We talked about stereotypes and I told them I wanted to hear honest feedback about a typical Russian's stereotypes of Americans. I told them nothing could offend me, so to be as honest as possible. Here are the good and bad qualities they say that most people they know equate with Americans:

Too confident
Always smiling
Not well-read
a bit spoiled
Proud of their country ( Patriotic)
Very helpful
Like things big - big houses, big cars, big meals
Do things from the heart, caring
Don't know enough about the outside world.

I had to agree with them on several points! But every single one of them hopes to go to America one day. They were fascinated with everything from our food to our clothes to our taste in tv shows. For 99% of them, I was the first American they had ever met. That's alot of pressure to set a good example for our whole country! I did my best.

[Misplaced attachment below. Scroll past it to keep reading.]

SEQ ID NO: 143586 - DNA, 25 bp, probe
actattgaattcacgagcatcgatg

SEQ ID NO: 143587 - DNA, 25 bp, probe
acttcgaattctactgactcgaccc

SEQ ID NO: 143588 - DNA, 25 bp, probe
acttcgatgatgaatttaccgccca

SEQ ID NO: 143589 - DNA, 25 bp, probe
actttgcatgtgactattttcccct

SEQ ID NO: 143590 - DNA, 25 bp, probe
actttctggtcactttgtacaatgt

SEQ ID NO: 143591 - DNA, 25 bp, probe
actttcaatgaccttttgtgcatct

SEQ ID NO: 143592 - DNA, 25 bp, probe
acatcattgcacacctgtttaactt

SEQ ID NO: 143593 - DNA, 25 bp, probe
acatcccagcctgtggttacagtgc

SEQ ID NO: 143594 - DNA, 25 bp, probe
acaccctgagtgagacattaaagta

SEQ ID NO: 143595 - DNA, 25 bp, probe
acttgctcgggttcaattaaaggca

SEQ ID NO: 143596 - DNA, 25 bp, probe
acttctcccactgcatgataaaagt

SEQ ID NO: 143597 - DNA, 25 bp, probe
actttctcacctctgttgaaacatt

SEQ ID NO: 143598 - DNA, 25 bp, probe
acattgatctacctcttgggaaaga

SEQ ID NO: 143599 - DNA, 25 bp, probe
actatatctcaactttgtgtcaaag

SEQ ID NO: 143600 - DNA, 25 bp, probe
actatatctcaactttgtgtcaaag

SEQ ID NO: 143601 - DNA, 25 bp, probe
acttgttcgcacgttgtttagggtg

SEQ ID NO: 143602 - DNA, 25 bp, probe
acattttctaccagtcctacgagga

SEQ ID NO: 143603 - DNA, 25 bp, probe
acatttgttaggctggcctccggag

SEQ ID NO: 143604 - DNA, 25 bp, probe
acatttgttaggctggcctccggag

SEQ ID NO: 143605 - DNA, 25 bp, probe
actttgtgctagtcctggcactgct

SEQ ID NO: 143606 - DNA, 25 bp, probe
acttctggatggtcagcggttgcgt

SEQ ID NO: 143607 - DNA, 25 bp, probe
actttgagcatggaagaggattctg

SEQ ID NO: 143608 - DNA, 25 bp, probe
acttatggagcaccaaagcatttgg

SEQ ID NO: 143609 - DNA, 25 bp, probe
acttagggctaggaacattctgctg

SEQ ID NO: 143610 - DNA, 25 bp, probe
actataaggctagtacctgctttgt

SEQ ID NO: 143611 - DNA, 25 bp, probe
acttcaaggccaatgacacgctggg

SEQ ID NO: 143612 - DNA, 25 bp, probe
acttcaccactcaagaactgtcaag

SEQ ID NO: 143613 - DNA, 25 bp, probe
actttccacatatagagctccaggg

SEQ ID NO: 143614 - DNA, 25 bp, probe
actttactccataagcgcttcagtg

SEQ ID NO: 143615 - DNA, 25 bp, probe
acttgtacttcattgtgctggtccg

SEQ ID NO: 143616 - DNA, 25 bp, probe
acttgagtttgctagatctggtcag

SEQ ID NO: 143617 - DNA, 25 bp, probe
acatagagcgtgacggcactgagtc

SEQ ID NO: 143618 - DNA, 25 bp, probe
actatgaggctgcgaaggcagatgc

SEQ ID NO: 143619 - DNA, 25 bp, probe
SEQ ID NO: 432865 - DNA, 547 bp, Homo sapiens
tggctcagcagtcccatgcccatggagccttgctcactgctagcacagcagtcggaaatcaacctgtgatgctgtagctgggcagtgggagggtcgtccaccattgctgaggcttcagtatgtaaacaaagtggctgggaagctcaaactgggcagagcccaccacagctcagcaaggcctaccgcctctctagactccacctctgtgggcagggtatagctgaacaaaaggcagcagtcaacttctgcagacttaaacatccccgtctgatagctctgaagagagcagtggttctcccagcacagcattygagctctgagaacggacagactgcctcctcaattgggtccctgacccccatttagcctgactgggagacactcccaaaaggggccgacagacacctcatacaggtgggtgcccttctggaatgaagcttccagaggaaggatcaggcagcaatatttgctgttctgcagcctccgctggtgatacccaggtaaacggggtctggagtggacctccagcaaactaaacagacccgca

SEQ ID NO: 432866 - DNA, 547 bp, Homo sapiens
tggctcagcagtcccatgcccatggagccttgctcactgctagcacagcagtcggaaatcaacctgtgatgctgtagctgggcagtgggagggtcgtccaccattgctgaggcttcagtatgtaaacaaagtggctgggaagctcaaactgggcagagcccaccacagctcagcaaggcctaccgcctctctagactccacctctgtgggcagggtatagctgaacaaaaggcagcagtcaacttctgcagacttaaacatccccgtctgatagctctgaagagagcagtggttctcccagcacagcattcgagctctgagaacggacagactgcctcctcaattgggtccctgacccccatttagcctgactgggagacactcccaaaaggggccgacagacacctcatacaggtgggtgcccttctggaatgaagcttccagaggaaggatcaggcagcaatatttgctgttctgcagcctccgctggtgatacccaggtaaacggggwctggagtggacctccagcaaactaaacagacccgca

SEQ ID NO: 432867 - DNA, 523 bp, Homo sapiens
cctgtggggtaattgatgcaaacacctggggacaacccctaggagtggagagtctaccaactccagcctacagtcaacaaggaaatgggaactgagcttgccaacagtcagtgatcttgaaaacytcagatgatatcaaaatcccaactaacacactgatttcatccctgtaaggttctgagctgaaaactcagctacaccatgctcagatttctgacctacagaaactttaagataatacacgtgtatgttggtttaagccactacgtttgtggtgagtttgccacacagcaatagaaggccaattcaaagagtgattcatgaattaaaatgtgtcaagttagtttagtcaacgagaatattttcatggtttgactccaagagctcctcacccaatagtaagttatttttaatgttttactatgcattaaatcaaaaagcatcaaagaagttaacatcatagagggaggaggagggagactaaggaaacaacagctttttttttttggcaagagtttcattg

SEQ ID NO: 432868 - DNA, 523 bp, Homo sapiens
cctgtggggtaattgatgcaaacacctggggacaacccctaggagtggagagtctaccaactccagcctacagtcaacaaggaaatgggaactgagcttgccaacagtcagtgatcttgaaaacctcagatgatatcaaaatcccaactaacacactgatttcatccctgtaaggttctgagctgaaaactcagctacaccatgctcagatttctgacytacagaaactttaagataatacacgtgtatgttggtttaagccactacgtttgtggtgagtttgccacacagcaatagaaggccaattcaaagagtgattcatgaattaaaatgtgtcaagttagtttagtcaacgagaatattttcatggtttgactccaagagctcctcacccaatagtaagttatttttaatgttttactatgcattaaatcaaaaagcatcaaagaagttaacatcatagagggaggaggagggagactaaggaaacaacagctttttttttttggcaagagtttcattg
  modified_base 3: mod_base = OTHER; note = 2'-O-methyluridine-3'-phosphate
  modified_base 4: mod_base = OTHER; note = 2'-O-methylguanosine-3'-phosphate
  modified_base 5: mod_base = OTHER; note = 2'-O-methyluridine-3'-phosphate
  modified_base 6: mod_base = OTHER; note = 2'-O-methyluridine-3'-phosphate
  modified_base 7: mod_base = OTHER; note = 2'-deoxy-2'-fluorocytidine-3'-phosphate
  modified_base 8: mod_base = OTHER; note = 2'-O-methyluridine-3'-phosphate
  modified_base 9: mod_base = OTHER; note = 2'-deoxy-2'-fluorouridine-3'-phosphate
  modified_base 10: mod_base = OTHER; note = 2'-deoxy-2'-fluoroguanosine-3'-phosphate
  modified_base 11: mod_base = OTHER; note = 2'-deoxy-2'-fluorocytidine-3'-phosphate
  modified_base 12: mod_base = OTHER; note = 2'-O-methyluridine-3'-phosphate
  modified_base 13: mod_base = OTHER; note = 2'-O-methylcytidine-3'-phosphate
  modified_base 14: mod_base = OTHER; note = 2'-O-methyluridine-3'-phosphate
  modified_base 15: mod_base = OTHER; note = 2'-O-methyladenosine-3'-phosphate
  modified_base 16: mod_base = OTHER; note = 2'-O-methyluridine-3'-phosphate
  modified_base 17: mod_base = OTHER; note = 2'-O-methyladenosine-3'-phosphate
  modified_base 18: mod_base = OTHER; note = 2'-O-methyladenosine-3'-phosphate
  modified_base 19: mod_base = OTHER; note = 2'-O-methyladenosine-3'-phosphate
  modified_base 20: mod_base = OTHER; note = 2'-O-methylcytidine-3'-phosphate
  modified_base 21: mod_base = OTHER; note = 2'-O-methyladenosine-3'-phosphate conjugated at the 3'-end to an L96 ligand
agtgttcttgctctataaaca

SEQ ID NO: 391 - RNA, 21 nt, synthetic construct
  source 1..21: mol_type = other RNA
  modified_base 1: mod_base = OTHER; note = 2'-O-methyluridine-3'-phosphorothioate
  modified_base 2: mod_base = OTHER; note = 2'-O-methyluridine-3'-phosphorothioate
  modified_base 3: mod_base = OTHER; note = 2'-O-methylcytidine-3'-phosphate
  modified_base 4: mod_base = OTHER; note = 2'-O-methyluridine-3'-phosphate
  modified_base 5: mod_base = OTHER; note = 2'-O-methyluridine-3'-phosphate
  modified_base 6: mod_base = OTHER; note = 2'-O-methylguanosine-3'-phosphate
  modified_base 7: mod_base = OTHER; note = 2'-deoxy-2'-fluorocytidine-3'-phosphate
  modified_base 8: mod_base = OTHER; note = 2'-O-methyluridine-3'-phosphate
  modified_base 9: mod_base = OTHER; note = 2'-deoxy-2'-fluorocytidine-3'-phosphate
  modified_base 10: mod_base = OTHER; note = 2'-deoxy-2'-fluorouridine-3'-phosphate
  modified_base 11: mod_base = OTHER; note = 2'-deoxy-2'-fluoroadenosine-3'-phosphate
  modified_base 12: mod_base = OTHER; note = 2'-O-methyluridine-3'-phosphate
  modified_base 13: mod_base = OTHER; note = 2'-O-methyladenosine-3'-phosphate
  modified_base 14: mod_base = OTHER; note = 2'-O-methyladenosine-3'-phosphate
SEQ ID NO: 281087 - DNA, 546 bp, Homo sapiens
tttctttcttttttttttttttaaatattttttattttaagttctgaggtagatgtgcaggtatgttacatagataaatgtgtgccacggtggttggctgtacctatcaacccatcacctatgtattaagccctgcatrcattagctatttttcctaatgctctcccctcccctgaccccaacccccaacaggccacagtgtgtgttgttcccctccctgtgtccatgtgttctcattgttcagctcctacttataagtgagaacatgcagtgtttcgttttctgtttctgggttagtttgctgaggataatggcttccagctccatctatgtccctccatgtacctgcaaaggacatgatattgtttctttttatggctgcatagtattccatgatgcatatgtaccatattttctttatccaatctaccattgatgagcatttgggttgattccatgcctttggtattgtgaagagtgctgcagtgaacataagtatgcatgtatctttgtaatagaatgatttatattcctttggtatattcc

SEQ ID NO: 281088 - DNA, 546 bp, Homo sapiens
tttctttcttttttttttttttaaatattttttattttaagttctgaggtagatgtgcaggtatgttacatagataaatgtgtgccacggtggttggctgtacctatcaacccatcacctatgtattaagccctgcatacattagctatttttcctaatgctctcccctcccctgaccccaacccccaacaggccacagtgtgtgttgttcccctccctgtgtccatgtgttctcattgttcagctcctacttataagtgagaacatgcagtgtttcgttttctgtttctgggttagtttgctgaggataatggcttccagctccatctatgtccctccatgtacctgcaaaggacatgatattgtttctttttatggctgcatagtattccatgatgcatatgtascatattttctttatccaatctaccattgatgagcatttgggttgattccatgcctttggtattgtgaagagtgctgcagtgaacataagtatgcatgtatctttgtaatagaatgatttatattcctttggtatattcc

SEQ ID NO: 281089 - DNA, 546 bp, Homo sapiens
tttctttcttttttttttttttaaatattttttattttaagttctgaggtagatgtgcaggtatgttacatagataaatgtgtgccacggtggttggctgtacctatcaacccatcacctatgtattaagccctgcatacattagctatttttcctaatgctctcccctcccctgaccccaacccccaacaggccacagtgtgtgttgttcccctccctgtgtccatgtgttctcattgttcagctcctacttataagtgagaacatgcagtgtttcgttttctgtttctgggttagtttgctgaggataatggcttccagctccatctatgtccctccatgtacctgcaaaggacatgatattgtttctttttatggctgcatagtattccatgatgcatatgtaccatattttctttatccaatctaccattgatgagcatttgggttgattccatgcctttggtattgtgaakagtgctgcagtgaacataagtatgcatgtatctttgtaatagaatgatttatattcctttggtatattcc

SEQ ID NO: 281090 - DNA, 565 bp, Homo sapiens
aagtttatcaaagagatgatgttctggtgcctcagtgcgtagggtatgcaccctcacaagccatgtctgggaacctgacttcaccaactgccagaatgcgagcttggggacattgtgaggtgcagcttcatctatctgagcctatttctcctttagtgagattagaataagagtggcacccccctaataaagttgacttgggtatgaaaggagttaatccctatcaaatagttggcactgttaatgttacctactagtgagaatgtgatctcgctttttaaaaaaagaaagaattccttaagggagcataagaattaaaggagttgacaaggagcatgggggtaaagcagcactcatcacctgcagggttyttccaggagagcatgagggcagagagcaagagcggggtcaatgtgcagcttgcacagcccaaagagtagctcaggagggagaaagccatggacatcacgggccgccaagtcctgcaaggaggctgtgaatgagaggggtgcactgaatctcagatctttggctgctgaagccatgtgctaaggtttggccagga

If I'm honest, they were far more interested in talking to Nastia -- as I expected. But Nastia was so shy, she didn't really talk much until the third class. They wanted to know what are her favorite subjects, what her friends do for fun, what books she liked, if she missed Russia, etc etc.

Some of the girls want to take me out for coffee and one girl, Katya, in particular, wants to be an actress so she is desperate to work with me. They asked if I had ever met any famous Americans, and asked me to name them. When I mentioned Angelina Jolie there was a corporate sigh of awe...lol. " We love her!" they said. Didn't know Angelina Jolie was so popular over here!